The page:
Raymond H.-F. Chan, Roger W. Wang, and Jeff C.-F. Wong


In the past few decades, a large volume of molecular sequences has been collected, from which the evolution and traits of the related living organisms are investigated. These sequences all look simple; for instance, the DNA sequence, no matter how long it is, contains only four different nucleotides A, C, G, and T, so it is not surprising that on the surface, these sequences themselves cannot tell us much. To reveal the hidden information, the use of the so-called sequence comparison is an essential tool. Sequence comparison methods can be divided into two main categories: alignment-based [15, 17, 36, 37, 42, 50] and alignment-free [25, 28, 40, 43, 52].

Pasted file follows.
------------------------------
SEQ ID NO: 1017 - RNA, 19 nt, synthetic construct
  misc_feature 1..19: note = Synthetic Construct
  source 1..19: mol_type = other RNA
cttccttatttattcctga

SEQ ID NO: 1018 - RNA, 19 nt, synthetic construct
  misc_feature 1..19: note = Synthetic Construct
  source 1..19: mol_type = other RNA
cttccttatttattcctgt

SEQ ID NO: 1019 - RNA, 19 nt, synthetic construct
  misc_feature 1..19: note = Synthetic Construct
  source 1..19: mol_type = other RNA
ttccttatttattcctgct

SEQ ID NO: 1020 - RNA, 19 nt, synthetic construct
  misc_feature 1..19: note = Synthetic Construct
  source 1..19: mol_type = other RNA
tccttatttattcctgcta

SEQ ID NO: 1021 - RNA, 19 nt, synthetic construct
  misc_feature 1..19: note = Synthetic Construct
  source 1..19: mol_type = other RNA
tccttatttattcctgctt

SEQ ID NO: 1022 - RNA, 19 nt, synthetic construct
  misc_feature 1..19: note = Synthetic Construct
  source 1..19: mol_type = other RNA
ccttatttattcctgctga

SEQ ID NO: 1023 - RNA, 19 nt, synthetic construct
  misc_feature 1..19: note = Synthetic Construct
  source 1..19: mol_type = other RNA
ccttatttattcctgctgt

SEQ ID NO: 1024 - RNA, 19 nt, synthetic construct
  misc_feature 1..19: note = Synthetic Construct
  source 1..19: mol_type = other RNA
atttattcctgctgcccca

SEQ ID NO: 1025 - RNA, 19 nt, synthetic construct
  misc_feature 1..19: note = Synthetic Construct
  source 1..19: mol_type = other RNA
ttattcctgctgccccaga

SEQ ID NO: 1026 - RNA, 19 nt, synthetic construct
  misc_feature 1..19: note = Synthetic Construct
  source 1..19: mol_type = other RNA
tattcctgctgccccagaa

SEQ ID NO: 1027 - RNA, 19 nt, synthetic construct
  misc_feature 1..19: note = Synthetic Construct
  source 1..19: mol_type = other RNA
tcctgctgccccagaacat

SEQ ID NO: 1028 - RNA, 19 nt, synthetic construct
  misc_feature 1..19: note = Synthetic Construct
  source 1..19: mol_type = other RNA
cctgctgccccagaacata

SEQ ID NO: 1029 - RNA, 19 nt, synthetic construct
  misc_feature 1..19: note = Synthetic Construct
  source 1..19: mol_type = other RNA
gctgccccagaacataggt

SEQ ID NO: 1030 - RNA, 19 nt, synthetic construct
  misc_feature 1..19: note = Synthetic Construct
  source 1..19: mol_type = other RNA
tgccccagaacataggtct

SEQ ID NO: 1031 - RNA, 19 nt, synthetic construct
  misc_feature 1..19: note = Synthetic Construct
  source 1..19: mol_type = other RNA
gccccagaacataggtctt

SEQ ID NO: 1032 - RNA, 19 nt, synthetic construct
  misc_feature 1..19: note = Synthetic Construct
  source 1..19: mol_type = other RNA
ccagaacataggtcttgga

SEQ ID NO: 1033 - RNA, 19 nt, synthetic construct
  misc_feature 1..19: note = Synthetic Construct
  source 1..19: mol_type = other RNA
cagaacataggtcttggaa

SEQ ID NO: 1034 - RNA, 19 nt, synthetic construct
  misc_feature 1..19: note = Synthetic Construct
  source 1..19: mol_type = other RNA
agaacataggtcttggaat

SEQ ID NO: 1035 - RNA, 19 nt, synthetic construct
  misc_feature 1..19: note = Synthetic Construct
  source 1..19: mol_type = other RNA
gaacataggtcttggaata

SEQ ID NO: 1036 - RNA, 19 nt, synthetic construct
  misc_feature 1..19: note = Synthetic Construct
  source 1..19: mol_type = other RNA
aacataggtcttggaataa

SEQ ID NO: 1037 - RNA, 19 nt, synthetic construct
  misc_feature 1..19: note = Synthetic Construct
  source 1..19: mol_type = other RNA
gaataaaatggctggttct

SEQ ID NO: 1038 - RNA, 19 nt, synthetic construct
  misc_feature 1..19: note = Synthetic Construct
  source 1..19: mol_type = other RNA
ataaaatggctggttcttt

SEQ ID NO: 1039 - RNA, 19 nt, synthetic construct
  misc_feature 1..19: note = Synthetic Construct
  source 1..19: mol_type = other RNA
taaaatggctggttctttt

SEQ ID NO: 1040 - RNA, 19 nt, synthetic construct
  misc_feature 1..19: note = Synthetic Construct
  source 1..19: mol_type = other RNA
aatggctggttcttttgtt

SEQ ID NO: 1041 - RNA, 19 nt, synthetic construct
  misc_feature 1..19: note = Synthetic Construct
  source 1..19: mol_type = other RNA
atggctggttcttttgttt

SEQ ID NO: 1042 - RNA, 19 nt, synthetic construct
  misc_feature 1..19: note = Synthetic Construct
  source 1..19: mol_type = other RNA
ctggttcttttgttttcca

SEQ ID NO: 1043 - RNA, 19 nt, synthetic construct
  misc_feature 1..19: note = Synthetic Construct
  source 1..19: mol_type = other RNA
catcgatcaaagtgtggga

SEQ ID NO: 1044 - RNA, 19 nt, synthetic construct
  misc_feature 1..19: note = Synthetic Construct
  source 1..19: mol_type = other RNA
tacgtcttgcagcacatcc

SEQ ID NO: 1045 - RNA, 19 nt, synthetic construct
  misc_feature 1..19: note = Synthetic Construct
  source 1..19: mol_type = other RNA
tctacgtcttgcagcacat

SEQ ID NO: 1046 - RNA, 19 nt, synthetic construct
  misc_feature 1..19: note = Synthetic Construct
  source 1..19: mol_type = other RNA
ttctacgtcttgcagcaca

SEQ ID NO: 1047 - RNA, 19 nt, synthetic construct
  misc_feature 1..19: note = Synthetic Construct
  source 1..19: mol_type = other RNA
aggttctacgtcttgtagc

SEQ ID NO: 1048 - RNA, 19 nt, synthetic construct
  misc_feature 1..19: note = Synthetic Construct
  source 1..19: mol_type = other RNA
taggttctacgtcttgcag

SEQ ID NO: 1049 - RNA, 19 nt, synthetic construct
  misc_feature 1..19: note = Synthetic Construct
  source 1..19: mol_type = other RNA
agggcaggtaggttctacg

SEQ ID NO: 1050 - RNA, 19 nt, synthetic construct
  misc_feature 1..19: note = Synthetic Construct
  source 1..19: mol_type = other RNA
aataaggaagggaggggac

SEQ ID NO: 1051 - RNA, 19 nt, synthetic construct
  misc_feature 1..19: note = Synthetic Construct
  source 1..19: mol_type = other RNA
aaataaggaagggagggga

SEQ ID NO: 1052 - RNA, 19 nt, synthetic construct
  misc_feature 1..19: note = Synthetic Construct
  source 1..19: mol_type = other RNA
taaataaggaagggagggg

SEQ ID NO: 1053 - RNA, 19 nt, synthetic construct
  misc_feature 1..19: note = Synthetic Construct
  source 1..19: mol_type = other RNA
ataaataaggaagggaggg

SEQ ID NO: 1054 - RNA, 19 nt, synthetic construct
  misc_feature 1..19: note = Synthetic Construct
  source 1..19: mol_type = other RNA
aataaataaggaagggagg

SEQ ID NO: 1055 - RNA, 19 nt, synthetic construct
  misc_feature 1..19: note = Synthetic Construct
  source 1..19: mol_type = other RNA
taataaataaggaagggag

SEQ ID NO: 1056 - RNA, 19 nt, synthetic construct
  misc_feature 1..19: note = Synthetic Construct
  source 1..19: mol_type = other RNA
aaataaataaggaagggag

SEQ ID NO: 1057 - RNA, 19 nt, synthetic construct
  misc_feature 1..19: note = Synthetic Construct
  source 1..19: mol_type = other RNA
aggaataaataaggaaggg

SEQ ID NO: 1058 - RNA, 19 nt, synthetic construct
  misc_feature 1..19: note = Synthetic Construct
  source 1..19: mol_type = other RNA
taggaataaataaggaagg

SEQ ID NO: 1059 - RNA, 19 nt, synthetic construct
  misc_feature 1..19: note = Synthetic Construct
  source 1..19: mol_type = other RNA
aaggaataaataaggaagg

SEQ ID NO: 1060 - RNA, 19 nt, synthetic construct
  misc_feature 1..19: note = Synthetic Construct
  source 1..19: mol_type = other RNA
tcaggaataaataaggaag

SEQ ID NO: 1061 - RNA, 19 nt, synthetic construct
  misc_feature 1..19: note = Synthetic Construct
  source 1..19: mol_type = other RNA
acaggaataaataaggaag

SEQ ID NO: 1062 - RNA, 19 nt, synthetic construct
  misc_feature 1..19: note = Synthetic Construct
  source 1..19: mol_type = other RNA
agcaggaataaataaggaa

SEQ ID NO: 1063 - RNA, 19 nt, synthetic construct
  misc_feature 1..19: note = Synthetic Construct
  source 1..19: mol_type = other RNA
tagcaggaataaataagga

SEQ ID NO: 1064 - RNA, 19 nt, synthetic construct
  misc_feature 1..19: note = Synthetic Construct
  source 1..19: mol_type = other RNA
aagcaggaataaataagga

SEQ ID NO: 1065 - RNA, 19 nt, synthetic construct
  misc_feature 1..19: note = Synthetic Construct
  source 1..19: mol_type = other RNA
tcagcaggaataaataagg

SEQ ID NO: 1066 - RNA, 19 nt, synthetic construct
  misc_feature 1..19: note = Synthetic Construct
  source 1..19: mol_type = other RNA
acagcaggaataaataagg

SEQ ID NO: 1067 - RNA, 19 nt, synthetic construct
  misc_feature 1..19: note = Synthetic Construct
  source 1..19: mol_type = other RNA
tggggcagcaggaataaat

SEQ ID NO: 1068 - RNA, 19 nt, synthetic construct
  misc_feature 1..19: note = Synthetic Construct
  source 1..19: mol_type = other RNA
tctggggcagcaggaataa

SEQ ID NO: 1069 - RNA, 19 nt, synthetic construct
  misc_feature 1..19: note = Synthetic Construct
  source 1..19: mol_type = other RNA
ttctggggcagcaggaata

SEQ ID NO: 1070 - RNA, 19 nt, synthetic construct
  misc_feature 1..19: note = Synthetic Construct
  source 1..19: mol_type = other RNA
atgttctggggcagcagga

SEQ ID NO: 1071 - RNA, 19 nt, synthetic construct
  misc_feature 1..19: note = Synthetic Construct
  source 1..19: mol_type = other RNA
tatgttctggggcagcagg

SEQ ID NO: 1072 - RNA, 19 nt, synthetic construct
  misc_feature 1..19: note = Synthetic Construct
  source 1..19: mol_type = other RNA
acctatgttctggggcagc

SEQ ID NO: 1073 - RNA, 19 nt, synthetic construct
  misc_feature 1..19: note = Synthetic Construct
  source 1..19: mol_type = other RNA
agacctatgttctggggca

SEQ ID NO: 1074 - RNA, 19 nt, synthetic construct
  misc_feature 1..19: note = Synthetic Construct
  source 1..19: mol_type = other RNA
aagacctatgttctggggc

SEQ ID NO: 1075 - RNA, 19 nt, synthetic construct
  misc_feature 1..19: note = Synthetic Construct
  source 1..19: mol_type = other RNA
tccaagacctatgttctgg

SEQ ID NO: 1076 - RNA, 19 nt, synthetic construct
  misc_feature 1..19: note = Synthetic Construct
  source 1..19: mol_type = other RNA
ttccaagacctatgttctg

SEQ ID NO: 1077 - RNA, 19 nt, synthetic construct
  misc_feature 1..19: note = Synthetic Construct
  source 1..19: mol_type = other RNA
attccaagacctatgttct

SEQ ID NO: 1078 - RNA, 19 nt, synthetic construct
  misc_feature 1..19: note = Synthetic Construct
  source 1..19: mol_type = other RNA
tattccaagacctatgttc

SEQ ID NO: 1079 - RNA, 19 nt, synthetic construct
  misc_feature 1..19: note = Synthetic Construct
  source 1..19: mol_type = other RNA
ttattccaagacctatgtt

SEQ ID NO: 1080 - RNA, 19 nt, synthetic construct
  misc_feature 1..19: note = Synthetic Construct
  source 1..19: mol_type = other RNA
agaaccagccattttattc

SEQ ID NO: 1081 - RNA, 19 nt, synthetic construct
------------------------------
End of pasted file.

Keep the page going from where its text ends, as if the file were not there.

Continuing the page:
The alignment-based methods use the dynamic programming (DP) method to “align" the sequences and then find the similarity and dissimilarity after the alignment. To compare two sequences of length n by any alignment-based method, both the computational cost and the memory requirement are [54]. Because of the accuracy of the DP method, the alignment-based methods are used widely for analyzing gene sequences. However, different gene sequences may give different evolutionary results. For instance, based on the 16rRNA sequences, birds, which more closely are related to crocodilians, were grouped with ...

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